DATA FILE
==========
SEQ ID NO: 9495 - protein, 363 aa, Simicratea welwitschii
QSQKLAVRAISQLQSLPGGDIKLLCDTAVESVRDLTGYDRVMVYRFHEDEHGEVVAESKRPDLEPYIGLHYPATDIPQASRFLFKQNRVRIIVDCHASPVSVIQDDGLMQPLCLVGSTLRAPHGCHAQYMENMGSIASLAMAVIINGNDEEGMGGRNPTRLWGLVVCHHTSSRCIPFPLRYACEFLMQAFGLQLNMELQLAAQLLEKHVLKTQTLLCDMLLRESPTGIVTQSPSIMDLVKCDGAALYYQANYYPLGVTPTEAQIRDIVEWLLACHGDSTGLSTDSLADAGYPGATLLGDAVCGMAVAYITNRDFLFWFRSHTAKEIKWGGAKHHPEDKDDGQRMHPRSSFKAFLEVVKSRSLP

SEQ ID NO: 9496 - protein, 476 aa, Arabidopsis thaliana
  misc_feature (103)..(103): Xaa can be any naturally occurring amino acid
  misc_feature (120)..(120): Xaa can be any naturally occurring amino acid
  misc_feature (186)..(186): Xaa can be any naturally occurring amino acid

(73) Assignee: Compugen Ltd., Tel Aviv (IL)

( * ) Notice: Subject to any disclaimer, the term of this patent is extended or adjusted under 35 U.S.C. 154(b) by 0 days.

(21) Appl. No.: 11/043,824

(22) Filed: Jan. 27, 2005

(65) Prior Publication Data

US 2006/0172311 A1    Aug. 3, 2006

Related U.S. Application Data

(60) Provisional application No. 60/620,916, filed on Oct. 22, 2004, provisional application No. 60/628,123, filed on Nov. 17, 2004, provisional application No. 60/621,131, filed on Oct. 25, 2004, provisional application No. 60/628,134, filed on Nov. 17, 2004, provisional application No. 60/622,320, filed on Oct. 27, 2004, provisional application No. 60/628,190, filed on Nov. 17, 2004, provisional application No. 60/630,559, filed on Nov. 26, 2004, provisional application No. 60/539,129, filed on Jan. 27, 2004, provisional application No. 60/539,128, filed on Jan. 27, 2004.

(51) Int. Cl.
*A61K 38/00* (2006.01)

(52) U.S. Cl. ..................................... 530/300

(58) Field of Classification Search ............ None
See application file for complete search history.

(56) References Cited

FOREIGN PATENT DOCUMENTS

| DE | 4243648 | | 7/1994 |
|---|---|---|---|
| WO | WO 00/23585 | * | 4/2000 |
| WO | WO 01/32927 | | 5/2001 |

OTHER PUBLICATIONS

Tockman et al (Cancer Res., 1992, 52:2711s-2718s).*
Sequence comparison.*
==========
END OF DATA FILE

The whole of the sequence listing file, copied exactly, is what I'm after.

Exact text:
SEQ ID NO: 9495 - protein, 363 aa, Simicratea welwitschii
QSQKLAVRAISQLQSLPGGDIKLLCDTAVESVRDLTGYDRVMVYRFHEDEHGEVVAESKRPDLEPYIGLHYPATDIPQASRFLFKQNRVRIIVDCHASPVSVIQDDGLMQPLCLVGSTLRAPHGCHAQYMENMGSIASLAMAVIINGNDEEGMGGRNPTRLWGLVVCHHTSSRCIPFPLRYACEFLMQAFGLQLNMELQLAAQLLEKHVLKTQTLLCDMLLRESPTGIVTQSPSIMDLVKCDGAALYYQANYYPLGVTPTEAQIRDIVEWLLACHGDSTGLSTDSLADAGYPGATLLGDAVCGMAVAYITNRDFLFWFRSHTAKEIKWGGAKHHPEDKDDGQRMHPRSSFKAFLEVVKSRSLP

SEQ ID NO: 9496 - protein, 476 aa, Arabidopsis thaliana
  misc_feature (103)..(103): Xaa can be any naturally occurring amino acid
  misc_feature (120)..(120): Xaa can be any naturally occurring amino acid
  misc_feature (186)..(186): Xaa can be any naturally occurring amino acid

(73) Assignee: Compugen Ltd., Tel Aviv (IL)

( * ) Notice: Subject to any disclaimer, the term of this patent is extended or adjusted under 35 U.S.C. 154(b) by 0 days.

(21) Appl. No.: 11/043,824

(22) Filed: Jan. 27, 2005

(65) Prior Publication Data

US 2006/0172311 A1    Aug. 3, 2006

Related U.S. Application Data

(60) Provisional application No. 60/620,916, filed on Oct. 22, 2004, provisional application No. 60/628,123, filed on Nov. 17, 2004, provisional application No. 60/621,131, filed on Oct. 25, 2004, provisional application No. 60/628,134, filed on Nov. 17, 2004, provisional application No. 60/622,320, filed on Oct. 27, 2004, provisional application No. 60/628,190, filed on Nov. 17, 2004, provisional application No. 60/630,559, filed on Nov. 26, 2004, provisional application No. 60/539,129, filed on Jan. 27, 2004, provisional application No. 60/539,128, filed on Jan. 27, 2004.

(51) Int. Cl.
*A61K 38/00* (2006.01)

(52) U.S. Cl. ..................................... 530/300

(58) Field of Classification Search ............ None
See application file for complete search history.

(56) References Cited

FOREIGN PATENT DOCUMENTS

| DE | 4243648 | | 7/1994 |
|---|---|---|---|
| WO | WO 00/23585 | * | 4/2000 |
| WO | WO 01/32927 | | 5/2001 |

OTHER PUBLICATIONS

Tockman et al (Cancer Res., 1992, 52:2711s-2718s).*
Sequence comparison.*